How To Start Investing -A 21st Century Approach

by Adam on June 16, 2010

When I was growing up I loved the Argos catalogue. If you missed out on this wondrous thing it’s a book of home and leisure products from a popular UK retailer and is currently in the homes of around two thirds of the UK households.

I don’t have one in my house at the moment but at the age of perhaps 9 or 10 it was revered as a bible.

It would not be unusual to find me lying on my bed eagerly flicking through the catalogue pages, reading every last description and staring at the pictures: Super-soaker water guns, digital watches. Remote control cars.  You could even buy flying lessons…but alas the minimum age of 16 seemed eons away at that time.  I could spend hours looking at all the cool toys and gadgets laid out on the pages.

a video by Adam Piplica
Click to watch Magical Penny’s second ever video on how to read and understand investment prospectuses

Despite my obsession with Argos catalogues in my childhood I moved on from catalogue window shopping!

Little did I realise though that I would need to study a new type of catalogue with the same intensity as the Argos catalogues of my youth:

The Investment Prospectus!

Investment prospectuses is like a shopping catalogue for investors. They are useful because they give you some insight into ‘funds’ or  ‘unit trusts’, the collective investments that pools money from many investors and invests it in variety of things.

Investing in Unit Trusts

For most people, when they think about stock market investing, they think about buying individual shares in popular companies. However there’s more to investing than that. In fact, as part of Magical Penny’s introduction to investing series I wrote a popular article ‘Five Reasons Not To Invest In Single Shares’. But if individual shares are not the way to go then what is? One answer is Unit Trusts (or mutual funds in the US and elsewhere) because they provide you with instant diversification, spreading your ‘eggs’ around in lots of different ‘baskets’.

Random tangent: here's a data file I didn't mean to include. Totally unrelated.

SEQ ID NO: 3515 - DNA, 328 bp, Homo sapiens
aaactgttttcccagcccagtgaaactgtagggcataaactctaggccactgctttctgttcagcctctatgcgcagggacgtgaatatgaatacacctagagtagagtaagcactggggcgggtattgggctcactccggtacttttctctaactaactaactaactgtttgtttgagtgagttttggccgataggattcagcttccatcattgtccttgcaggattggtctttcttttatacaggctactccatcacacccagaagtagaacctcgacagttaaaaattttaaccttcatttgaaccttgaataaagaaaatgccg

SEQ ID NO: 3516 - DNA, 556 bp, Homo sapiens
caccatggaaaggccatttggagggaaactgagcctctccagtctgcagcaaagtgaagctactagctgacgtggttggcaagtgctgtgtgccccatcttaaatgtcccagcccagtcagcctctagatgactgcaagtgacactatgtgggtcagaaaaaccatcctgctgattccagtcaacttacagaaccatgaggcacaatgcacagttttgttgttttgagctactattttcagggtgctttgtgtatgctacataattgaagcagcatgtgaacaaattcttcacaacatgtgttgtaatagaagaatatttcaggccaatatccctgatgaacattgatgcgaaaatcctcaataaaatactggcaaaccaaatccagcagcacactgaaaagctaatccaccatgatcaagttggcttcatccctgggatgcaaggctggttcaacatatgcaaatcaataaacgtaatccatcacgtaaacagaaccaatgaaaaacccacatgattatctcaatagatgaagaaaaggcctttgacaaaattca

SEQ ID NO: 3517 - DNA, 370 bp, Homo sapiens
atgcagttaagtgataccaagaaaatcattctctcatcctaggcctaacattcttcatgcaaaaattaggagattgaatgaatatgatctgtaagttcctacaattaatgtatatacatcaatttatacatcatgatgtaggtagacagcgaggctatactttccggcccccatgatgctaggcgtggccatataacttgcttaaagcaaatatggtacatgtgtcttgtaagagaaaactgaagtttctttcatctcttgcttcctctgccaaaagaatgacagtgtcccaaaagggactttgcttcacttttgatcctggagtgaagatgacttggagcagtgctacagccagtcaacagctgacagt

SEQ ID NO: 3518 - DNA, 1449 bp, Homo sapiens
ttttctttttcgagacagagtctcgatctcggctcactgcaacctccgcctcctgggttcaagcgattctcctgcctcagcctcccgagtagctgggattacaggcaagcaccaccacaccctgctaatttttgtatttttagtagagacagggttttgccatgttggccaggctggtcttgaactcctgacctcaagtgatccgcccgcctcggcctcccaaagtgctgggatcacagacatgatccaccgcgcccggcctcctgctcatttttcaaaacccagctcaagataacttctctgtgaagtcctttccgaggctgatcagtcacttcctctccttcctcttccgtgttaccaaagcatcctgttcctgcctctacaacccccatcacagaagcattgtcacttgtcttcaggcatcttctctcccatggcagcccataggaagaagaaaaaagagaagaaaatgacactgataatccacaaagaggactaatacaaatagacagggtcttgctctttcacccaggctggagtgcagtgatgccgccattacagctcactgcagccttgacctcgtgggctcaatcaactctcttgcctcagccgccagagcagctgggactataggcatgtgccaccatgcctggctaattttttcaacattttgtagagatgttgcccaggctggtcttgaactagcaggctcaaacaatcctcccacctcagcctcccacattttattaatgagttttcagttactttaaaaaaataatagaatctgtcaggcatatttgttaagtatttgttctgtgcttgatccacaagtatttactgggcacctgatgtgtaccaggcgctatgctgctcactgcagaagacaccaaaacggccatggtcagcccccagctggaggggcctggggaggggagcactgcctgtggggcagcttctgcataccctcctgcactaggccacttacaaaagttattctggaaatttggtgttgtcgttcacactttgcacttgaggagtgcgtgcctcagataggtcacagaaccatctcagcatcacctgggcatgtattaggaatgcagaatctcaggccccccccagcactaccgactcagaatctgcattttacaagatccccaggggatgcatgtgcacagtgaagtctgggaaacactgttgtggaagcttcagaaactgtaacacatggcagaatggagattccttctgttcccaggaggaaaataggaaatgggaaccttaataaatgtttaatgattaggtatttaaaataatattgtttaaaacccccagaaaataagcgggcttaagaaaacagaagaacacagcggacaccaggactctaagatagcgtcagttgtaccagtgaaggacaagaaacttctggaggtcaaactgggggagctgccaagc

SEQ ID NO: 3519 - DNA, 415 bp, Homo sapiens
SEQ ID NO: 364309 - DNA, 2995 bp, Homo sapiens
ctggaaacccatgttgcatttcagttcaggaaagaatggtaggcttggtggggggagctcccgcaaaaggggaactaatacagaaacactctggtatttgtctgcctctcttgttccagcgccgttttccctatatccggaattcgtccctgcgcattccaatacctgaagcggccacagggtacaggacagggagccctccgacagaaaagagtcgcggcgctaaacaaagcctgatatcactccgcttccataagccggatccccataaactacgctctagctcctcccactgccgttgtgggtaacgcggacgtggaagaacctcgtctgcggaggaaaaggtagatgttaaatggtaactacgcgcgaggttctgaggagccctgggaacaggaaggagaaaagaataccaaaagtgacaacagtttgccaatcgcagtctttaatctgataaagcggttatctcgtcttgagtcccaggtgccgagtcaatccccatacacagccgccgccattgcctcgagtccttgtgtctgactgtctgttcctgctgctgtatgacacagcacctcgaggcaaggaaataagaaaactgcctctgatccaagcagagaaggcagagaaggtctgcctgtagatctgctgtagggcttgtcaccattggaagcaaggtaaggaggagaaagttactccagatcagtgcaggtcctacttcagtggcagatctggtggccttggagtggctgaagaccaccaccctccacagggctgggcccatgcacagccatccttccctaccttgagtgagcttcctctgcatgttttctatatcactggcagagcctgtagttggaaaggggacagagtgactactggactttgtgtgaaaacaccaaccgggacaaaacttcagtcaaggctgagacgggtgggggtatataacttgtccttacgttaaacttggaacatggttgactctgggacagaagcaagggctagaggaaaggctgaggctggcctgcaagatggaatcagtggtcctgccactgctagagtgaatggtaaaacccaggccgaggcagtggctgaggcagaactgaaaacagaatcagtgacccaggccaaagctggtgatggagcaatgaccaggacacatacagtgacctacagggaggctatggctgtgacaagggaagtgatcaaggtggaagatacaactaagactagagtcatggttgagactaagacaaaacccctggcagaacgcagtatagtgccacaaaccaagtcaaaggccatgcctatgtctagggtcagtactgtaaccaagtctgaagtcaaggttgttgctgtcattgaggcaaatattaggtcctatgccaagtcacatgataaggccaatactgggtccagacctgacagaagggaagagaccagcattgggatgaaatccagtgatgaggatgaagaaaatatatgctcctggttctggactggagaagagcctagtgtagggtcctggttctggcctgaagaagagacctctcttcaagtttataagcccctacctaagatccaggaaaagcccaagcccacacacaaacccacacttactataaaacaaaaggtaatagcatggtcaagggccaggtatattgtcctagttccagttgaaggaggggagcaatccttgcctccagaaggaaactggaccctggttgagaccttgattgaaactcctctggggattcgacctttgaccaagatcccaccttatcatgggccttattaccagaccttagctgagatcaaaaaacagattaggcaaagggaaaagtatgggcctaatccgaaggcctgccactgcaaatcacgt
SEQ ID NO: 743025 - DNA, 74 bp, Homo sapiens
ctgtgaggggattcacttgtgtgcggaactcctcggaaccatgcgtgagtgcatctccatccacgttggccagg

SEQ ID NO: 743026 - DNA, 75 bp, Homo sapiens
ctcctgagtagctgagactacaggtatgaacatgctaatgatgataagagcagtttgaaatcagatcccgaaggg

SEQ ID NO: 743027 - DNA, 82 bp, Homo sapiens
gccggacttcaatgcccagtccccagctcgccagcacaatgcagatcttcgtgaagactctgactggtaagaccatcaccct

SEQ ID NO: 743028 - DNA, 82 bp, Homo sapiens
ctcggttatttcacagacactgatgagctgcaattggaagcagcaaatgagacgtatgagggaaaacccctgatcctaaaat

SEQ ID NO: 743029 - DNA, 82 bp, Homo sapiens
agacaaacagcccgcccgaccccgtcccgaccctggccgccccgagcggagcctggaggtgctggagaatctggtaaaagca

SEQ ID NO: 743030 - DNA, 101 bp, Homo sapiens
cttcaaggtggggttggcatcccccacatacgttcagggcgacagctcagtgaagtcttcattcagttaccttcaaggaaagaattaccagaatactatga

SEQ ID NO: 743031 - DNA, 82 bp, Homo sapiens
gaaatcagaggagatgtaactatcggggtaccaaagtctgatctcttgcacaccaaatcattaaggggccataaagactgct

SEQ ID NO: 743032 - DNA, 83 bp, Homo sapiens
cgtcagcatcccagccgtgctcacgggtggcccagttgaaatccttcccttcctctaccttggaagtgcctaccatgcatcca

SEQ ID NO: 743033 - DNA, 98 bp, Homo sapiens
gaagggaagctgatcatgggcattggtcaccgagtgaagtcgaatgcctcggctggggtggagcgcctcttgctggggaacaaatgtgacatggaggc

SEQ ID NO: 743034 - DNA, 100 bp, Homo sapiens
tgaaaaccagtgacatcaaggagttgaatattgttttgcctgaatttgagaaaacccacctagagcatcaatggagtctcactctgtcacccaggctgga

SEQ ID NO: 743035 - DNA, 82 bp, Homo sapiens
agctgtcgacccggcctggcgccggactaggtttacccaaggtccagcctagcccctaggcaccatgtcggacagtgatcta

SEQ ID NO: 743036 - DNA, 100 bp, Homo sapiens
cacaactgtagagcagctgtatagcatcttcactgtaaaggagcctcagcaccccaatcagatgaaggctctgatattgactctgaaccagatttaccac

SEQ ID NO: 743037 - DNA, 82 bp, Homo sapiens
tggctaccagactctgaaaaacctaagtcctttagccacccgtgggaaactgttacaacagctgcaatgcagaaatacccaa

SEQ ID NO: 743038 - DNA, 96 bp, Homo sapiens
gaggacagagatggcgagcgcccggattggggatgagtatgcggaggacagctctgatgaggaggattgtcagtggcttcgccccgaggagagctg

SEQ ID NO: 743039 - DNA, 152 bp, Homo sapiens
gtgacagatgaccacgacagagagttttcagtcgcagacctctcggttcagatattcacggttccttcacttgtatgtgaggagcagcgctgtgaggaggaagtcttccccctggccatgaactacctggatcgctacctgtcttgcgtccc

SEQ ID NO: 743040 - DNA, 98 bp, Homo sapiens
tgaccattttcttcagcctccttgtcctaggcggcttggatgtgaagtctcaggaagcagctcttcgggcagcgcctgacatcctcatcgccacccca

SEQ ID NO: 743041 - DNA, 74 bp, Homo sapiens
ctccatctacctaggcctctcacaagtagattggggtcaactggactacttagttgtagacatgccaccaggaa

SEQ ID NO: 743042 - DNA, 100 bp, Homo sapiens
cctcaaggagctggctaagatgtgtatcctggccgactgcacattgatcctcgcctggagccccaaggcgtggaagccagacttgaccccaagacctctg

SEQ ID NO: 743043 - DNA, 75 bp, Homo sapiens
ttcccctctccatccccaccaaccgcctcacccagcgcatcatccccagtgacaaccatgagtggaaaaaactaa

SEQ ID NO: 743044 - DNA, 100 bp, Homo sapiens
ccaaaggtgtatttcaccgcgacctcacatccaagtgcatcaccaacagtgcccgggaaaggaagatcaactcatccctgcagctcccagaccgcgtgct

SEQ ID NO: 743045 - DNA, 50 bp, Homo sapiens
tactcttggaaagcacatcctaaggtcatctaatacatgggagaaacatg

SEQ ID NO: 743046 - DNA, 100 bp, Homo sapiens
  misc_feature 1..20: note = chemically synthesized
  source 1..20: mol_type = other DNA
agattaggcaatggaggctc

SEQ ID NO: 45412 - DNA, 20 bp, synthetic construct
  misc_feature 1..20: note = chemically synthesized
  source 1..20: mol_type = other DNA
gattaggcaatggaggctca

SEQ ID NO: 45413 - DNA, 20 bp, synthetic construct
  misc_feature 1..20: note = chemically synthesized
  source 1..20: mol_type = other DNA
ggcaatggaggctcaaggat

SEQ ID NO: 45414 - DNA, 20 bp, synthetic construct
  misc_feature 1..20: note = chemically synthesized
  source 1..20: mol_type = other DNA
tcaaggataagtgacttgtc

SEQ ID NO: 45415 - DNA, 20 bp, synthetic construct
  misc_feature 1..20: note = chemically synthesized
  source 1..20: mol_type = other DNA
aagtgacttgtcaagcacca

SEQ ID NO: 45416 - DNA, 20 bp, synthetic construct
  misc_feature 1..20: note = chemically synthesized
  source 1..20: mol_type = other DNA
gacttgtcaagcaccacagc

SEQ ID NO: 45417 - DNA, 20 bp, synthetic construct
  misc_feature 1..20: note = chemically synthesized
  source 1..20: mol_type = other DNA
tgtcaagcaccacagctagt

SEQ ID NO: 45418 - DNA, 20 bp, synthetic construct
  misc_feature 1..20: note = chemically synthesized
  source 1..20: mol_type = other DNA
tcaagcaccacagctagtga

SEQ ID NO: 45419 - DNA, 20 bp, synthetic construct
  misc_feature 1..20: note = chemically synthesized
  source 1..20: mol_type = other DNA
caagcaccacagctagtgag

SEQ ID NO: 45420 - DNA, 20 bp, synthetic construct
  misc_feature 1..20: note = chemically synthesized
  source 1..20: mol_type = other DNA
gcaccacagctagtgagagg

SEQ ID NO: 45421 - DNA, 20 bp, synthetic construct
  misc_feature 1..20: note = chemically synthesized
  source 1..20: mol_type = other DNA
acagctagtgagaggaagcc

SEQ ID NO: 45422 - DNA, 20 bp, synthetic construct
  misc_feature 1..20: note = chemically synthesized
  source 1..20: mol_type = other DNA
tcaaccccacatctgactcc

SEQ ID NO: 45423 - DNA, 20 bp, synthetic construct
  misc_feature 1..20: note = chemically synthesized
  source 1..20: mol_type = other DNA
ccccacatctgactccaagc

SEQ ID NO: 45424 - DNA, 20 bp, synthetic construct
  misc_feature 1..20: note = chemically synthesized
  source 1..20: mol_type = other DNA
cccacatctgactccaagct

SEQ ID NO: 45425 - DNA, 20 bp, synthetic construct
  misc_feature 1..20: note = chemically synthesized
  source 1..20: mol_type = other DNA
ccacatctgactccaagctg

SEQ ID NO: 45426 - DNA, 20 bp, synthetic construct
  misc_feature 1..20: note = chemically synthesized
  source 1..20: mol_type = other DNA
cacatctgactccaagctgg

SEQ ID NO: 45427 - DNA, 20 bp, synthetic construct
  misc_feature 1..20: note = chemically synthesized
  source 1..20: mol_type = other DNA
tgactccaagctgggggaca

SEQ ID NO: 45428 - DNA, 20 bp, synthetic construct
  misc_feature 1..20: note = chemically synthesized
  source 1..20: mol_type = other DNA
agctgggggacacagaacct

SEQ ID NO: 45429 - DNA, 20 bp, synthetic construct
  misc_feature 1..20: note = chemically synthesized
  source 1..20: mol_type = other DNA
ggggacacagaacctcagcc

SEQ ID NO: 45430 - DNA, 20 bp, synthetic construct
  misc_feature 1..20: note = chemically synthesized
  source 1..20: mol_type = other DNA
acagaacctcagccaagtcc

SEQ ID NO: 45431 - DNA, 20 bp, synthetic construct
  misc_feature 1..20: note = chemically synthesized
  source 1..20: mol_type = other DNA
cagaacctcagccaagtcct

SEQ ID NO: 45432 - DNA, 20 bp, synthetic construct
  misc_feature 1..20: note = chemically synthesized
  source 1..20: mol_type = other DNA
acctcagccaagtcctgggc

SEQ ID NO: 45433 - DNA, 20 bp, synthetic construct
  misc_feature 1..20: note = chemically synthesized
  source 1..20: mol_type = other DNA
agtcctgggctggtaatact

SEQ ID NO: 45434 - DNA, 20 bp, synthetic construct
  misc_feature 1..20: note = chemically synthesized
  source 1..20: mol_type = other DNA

Unit trusts make it easy to buy collections of lots of different investments like company stock, commodities (stuff  -oil,  wood, cocoa etc), bonds (company debt), cash or all of the above. You don’t actually own all these investments directly but instead a unit trust  packages up all the different things into a single investment that you can simply buy a ‘unit’ of.

Click here for more info on Unit Trusts.

But don’t trust the marketing

If you watched Monday’s video, you’ll know that whilst there are many benefits to investing in unit trusts, the information presented in investment prospectuses selling the investments can be misleading.

But there is a solution to get closer to the truth and, for me, it revolutionised how I researched investments. It also made unit trusts much easier to understand and compare.

Fund Supermarkets!

A fund supermarket is a relatively modern invention that allows you to compare hundreds of different unit trusts from lots of different companies in one online site.

Think of it as like an Argos catalogue combined with a hundreds of other catalogues….oooh I just got chills!

Like in a real supermarket where you can pick up two different items and compare them next to one another, a fund supermarket allows you to directly compare different investments even if they are offered by different investment companies.

In the next few posts Magical Penny will be going into much more detail about fund supermarkets and showing you how to invest but I thought it worthwhile to at least introduce a solution to the problem of confusing and misleading investment prospectuses outlined in the video.

So consider yourself reassured!

There is a way to invest that’s easy to understand and it doesn’t take much time either.  And I look forward to sharing with you how to do it! I hope you’ll continue on this journey of discovery into the world of investing.

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{ 2 comments… read them below or add one }


This is good post, I will keep this in mind. If you add more video and pictures because it helps understanding 🙂


Thanks Jill, I’m pleased it helped. More different content coming up as I experiment on what works best!

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